As I walked through the cemetery this weekend after we buried my grandmother’s ashes, I was reminded of something that my mother and I discussed many years ago. One of the frustrations of doing genealogy research is sometimes getting the maternal surname. It is easy to get the first name of the wife…but not so easy to get the surname.
Mom and I decided then and there that if we had anything to do with the name on the gravestone that we would suggest that the maiden name be included. When my mother died, I insisted that the gravestone read Betty Tannahill Johnson and not Betty J. Johnson which is how my mother signed documents. So anyone who ever looks at her gravestone will know that she was born a Tannahill but died a Johnson. My grandmother’s stone is listed as Capitola F. Shearer which includes the initial of her maiden name. She is buried between her first husband O. Richard Tannahill and second husband Gwen D. Shearer. However, there is nothing there to really tell you that her maiden name was Friddle. Most women seem to be buried near their husband’s families rather than their own families. It is as if they have lost their identity to their parents’s families.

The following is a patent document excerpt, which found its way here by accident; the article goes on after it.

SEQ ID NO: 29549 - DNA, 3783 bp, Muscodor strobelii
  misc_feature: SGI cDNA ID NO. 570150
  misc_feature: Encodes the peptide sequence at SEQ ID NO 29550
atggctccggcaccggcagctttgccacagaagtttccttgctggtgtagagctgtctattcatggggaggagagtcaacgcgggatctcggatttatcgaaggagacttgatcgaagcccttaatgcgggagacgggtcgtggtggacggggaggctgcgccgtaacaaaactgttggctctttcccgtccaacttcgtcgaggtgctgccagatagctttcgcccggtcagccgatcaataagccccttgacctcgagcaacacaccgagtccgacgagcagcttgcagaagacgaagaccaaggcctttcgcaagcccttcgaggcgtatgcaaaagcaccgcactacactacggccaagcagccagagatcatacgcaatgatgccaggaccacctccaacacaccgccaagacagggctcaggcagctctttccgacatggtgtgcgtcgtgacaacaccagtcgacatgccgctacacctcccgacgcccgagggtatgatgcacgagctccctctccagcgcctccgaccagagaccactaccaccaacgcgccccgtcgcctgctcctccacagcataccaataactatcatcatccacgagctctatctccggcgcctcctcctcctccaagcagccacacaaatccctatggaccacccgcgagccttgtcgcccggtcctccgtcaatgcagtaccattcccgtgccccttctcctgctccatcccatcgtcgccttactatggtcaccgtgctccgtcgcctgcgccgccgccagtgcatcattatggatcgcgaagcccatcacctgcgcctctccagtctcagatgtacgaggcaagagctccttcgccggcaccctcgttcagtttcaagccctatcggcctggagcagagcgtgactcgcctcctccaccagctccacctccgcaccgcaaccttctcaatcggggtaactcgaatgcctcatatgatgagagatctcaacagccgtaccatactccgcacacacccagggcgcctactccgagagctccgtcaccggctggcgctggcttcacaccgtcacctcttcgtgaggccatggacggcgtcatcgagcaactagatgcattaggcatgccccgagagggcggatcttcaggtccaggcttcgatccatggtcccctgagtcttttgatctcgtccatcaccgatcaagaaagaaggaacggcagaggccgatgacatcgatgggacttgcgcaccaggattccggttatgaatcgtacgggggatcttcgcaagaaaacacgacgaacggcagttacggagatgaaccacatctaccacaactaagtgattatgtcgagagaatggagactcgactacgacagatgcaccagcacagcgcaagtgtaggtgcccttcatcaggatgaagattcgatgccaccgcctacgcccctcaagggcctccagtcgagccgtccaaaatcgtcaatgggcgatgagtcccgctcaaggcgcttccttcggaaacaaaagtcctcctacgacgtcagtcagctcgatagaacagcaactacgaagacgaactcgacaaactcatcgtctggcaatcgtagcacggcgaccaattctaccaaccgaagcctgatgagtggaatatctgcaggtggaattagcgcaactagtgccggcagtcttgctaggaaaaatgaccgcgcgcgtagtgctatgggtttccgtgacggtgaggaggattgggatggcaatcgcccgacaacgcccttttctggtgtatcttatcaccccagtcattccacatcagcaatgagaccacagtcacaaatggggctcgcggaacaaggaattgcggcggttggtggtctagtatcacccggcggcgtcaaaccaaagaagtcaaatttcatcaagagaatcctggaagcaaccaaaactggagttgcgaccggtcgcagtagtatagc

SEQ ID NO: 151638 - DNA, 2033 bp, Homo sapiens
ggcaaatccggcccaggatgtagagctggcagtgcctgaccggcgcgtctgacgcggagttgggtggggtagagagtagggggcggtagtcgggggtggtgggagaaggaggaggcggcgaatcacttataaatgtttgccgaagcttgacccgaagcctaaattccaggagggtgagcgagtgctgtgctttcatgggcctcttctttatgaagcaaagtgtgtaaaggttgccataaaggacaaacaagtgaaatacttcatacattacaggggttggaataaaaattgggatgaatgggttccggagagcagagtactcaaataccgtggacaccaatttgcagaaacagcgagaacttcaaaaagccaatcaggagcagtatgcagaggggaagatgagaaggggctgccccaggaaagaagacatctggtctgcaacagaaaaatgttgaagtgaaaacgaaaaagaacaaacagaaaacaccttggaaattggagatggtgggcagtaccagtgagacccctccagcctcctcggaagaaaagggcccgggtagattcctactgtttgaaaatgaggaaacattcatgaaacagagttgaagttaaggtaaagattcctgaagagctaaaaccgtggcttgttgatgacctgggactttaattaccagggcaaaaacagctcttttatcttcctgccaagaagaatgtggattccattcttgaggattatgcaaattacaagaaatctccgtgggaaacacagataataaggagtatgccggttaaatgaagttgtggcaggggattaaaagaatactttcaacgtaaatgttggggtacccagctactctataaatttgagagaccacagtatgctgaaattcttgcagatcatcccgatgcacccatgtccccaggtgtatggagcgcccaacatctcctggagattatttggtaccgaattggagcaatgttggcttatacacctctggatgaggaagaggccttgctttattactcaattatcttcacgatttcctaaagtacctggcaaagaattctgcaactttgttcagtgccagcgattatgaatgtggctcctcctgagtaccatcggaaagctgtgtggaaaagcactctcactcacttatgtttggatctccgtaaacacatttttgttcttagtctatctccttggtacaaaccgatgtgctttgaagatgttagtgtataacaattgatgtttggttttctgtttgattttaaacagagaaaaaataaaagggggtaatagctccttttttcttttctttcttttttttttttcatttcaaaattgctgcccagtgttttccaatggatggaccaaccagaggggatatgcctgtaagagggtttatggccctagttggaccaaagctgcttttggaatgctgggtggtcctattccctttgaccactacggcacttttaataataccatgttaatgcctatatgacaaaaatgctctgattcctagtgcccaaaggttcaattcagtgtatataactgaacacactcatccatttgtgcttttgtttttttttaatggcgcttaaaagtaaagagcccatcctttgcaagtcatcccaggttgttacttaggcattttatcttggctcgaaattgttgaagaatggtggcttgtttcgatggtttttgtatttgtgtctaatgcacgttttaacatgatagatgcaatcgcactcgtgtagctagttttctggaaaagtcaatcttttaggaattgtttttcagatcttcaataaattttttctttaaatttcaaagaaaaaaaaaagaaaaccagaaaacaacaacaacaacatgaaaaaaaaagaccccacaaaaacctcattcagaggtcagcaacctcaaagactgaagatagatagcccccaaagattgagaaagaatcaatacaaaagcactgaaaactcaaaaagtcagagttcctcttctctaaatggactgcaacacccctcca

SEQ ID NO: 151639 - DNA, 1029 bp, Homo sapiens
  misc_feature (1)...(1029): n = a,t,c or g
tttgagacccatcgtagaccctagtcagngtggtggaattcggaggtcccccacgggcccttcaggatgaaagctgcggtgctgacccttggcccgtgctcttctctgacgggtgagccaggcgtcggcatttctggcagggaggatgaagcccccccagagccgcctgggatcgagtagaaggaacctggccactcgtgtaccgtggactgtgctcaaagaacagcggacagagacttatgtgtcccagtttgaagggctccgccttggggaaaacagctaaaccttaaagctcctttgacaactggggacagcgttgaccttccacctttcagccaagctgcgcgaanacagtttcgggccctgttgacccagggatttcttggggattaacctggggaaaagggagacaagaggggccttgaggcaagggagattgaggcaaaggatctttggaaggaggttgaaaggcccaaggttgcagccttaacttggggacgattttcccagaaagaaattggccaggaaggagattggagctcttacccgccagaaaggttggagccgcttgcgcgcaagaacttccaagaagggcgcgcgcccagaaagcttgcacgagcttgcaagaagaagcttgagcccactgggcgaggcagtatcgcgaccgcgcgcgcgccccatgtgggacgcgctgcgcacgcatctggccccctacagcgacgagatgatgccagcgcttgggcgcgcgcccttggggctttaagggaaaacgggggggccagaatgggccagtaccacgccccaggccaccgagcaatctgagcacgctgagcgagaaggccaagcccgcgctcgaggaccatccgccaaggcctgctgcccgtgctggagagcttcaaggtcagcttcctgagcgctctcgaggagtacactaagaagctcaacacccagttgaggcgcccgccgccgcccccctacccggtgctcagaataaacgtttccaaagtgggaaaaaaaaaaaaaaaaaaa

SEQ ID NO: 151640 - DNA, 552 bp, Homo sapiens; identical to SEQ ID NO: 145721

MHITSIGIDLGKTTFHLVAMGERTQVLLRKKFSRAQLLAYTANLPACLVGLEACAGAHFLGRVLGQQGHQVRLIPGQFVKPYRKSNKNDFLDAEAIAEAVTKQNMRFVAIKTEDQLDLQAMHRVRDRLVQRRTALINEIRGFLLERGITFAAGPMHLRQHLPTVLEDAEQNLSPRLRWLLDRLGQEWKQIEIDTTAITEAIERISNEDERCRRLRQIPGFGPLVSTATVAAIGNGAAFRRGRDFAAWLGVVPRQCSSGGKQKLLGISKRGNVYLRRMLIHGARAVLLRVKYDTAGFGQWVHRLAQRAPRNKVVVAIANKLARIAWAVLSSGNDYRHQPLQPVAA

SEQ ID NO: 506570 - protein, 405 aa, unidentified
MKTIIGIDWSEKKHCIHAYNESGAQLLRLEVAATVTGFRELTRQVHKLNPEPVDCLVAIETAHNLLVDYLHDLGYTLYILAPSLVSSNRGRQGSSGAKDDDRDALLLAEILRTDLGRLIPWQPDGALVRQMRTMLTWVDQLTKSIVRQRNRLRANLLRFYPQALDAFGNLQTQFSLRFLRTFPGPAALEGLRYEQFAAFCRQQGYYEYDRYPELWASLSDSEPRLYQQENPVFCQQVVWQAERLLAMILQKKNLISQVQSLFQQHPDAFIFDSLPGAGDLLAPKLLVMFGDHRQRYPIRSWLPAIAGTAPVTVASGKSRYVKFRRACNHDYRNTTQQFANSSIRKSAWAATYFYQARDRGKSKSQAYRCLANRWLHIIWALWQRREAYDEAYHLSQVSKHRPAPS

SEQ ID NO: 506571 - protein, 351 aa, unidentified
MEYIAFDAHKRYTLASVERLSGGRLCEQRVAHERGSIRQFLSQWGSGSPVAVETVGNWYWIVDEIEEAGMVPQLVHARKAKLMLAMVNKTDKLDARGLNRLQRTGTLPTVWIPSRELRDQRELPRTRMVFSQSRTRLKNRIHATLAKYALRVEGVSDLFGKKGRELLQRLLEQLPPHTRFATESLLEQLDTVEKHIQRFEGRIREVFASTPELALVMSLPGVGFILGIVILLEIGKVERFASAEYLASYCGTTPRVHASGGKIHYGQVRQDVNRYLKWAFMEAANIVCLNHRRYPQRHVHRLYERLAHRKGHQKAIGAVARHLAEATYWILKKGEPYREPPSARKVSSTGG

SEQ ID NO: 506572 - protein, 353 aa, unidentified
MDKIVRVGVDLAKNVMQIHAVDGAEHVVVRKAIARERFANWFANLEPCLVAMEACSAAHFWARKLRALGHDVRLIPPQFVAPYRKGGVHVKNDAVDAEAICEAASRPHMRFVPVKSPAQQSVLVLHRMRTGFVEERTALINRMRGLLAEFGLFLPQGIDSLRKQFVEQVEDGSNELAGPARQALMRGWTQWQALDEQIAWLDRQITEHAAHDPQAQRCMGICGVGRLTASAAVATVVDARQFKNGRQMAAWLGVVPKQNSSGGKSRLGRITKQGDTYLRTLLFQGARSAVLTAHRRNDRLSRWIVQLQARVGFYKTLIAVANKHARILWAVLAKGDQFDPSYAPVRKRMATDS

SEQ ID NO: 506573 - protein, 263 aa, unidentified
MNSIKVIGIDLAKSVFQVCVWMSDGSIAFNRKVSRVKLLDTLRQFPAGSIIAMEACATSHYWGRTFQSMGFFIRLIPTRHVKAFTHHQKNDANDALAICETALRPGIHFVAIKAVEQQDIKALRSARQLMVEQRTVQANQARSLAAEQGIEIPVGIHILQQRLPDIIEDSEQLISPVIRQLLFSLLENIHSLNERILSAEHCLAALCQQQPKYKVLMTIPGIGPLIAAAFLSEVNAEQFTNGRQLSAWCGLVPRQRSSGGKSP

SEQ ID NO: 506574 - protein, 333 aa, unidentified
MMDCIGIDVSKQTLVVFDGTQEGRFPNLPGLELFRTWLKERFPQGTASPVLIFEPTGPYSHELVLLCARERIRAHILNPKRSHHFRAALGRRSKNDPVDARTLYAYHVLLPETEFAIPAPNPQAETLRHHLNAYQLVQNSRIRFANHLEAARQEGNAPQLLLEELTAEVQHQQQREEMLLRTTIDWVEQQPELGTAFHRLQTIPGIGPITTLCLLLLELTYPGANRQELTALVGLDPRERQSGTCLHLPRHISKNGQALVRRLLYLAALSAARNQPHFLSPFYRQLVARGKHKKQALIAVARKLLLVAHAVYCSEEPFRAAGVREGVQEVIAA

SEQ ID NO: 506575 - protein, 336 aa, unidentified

Records are getting easier to obtain all the time. So many are now online with FamilySearch.org or with Ancestry.com – but there are still many places where you can’t get a death record unless you are a direct descendant. So, that gravestone can be a very important clue. So, put the maiden name of the woman on the gravestone – it is as much a part of who she was as her married name!